October 20, 2008
Obama Raises More Than $150 Million in September
By MICHAEL LUO
Senator Barack Obama’s campaign announced on Sunday that it had raised more than $150 million in September, a record-shattering amount underscoring again the unprecedented amounts of money he has attracted.
Mr. Obama’s contributions in September more than doubled the $66 million he had collected in August, which had already far exceeded what previous presidential campaigns had raised in a single month.
In a videotaped message included in an e-mail to supporters, David Plouffe, the Obama campaign manager, said that Mr. Obama had added 632,000 new donors in September, bringing the campaign’s total to 3.1 million. The average contribution, Mr. Plouffe said, was $86.
Mr. Plouffe said the money has enabled the campaign to expand to traditional Republican strongholds, noting it had begun to pour resources into West Virginia. He also sought to portray the campaign’s fund-raising success as evidence of Mr. Obama’s grassroots support.
“The two groups that have given us the most contributions are retirees and students, which shows how Barack’s call for change has spanned the generations,” Mr. Plouffe said. “Nurses, teachers, small business owners. It really is the fabric of America that has built this campaign.”
The full details of how the Obama campaign raised its money in September will not be available until Monday, when it files its official report with the Federal Election Commission. But a separate filing by the campaign’s joint fund-raising committee with the Democratic National Committee, the Obama Victory Fund, underscores that Mr. Obama has also been powered by major donors as well.
Mr. Obama’s joint fund-raising committee, which can take in checks of more than $30,000 that is divvied up between the campaign and the D.N.C., collected $69 million in September. The fund funneled $32 million in September to the Obama campaign’s coffers and $26.5 million to the D.N.C.
The D.N.C., which can spend money on Mr. Obama’s behalf under certain restrictions, announced this morning it collected nearly $50 million in September and had $27.4 million in cash on hand at the end of the month.
The Republican National Committee announced earlier this month it had raised $66 million in September, which had exceeded fundraisers’ expectations, and finished the month with about $77 million in the bank.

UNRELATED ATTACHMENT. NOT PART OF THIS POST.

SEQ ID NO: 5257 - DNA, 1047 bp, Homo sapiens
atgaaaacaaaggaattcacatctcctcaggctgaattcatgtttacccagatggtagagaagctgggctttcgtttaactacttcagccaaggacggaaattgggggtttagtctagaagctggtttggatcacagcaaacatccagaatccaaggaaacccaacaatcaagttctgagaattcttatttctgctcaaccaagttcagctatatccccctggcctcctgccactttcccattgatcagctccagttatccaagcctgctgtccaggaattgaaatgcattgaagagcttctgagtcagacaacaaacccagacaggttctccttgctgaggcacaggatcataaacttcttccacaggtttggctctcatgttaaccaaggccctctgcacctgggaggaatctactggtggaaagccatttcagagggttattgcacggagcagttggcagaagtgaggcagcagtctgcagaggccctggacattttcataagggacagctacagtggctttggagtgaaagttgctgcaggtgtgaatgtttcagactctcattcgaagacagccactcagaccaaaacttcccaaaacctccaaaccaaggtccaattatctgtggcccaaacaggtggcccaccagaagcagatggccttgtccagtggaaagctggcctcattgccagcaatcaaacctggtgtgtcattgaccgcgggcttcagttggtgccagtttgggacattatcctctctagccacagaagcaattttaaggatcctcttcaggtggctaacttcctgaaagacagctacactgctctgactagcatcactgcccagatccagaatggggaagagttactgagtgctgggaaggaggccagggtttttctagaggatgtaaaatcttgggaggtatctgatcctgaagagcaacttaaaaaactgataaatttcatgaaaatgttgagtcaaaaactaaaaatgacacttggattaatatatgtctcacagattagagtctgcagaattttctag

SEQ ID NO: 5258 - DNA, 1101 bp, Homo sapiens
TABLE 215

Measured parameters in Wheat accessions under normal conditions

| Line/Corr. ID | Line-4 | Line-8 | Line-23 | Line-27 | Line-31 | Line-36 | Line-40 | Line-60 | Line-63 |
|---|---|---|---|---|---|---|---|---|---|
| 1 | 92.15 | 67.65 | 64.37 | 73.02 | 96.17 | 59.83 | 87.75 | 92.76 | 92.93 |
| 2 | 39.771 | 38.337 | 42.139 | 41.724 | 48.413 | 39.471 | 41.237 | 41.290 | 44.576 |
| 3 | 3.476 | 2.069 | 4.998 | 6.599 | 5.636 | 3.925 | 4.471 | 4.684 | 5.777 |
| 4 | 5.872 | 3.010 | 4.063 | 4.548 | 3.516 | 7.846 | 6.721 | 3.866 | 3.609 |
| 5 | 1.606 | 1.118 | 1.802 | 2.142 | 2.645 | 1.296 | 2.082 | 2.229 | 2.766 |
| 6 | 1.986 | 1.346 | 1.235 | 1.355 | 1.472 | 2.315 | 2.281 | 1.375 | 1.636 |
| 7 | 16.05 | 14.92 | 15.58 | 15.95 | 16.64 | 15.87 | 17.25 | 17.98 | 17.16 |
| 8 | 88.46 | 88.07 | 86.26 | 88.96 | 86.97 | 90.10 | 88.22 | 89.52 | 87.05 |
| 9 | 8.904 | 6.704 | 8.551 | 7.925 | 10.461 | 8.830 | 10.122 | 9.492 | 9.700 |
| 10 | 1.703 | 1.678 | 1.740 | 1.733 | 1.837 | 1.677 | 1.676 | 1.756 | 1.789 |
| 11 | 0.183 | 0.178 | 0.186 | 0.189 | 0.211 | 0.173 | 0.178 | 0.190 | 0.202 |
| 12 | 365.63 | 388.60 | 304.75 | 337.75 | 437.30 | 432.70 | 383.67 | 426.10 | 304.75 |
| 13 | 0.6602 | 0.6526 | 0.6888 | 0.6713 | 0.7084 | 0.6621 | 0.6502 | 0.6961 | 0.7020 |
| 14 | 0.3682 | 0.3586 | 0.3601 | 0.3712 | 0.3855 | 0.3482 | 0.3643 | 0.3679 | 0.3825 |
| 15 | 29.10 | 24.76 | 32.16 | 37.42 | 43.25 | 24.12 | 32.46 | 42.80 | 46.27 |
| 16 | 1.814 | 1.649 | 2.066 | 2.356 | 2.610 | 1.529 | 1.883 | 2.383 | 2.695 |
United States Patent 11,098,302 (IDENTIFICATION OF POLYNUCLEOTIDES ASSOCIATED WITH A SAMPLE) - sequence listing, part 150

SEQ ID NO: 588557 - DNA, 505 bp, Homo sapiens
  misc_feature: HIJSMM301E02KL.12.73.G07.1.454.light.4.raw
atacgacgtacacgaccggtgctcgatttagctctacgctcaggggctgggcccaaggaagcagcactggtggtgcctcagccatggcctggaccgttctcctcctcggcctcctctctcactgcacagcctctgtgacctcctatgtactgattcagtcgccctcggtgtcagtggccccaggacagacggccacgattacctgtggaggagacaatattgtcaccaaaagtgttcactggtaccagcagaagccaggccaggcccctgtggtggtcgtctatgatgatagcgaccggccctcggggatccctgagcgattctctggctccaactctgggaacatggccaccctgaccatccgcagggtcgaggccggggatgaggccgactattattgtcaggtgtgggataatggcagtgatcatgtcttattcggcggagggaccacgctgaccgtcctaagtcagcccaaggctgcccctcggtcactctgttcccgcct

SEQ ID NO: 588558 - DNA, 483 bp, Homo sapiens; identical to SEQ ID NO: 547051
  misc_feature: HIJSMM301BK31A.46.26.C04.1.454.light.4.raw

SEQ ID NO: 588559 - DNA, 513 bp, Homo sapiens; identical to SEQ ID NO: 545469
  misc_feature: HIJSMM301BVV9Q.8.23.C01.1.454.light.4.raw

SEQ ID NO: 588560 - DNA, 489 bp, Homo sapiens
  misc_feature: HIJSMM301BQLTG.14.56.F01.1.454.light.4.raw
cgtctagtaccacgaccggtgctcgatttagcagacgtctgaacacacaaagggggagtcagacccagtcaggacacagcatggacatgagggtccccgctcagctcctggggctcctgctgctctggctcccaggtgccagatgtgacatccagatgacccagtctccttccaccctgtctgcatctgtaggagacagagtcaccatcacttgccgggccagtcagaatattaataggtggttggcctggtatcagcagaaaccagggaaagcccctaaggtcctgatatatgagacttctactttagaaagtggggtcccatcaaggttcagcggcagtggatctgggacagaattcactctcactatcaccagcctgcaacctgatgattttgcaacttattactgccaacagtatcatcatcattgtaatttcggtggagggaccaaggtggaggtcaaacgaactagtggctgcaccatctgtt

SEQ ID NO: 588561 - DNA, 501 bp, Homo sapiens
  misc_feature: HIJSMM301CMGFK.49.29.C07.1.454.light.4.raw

Mr. Obama’s fund-raising success comes in the wake of his decision to back away from an earlier pledge to accept public financing for the general election if his opponent did as well, a move the McCain campaign has sought to use against him.
McCain finance officials and other campaign-finance experts had anticipated that the R.N.C.’s stockpile of cash and strong fund-raising, along with the $84 million Mr. McCain received in public financing, would be enough to at least stay within range of the Obama fund-raising juggernaut. The R.N.C. finished August with $76 million in the bank, along with another $18 million transferred to it by the McCain campaign. But the Obama campaign has been outspending the McCain campaign by 4 to 1 on television, according to Campaign Media Analysis Group, which analyzes ad spending. The R.N.C. is limited to spending about $19 million in coordination with the McCain campaign but can spend unlimited amounts independently. Even with the R.N.C.’s independent expenditures factored in, the Obama campaign is still outspending Mr. McCain by 3 ½ to 1, according to CMAG.
Coupled with his appeals over the Internet, Mr. Obama has maintained an aggressive high-dollar fund-raising schedule. Just last week, 10 hours after he left the stage of the final presidential debate, he arrived at a morning fund-raiser at the Metropolitan Club in New York in which more than 120 people paid $30,800 each to hear him speak.
More than 600 people wrote checks of $25,000 or more to the Obama Victory Fund in September, including the actresses Melanie Griffith and Rita Wilson; Orlando Magic basketball star Dwight Howard; Andrea Jung, the chief executive of Avon; Gregory Brown, the president of the telecommunications giant Motorola; and Charles E. Phillips Jr., the president of the software company Oracle.
Mr. Obama has now raised more than $600 million since his campaign began, easily another record. Putting that figure in perspective, in 2004, Democratic and Republican presidential candidates together raised a record $684 million by the time of their conventions. (Both Senator John F. Kerry and President Bush later opted for public financing for the general election). That was nearly double the $350 million the candidates raised in 2000.
Before the Obama campaign, the record for the single biggest monthly fund-raising month was held by Senator John F. Kerry, when he collected $44 million in March 2004 after clinching the Democratic nomination. Mr. Obama exceeded that total last February, when he raised $55 million while competing against Senator Hillary Rodham Clinton.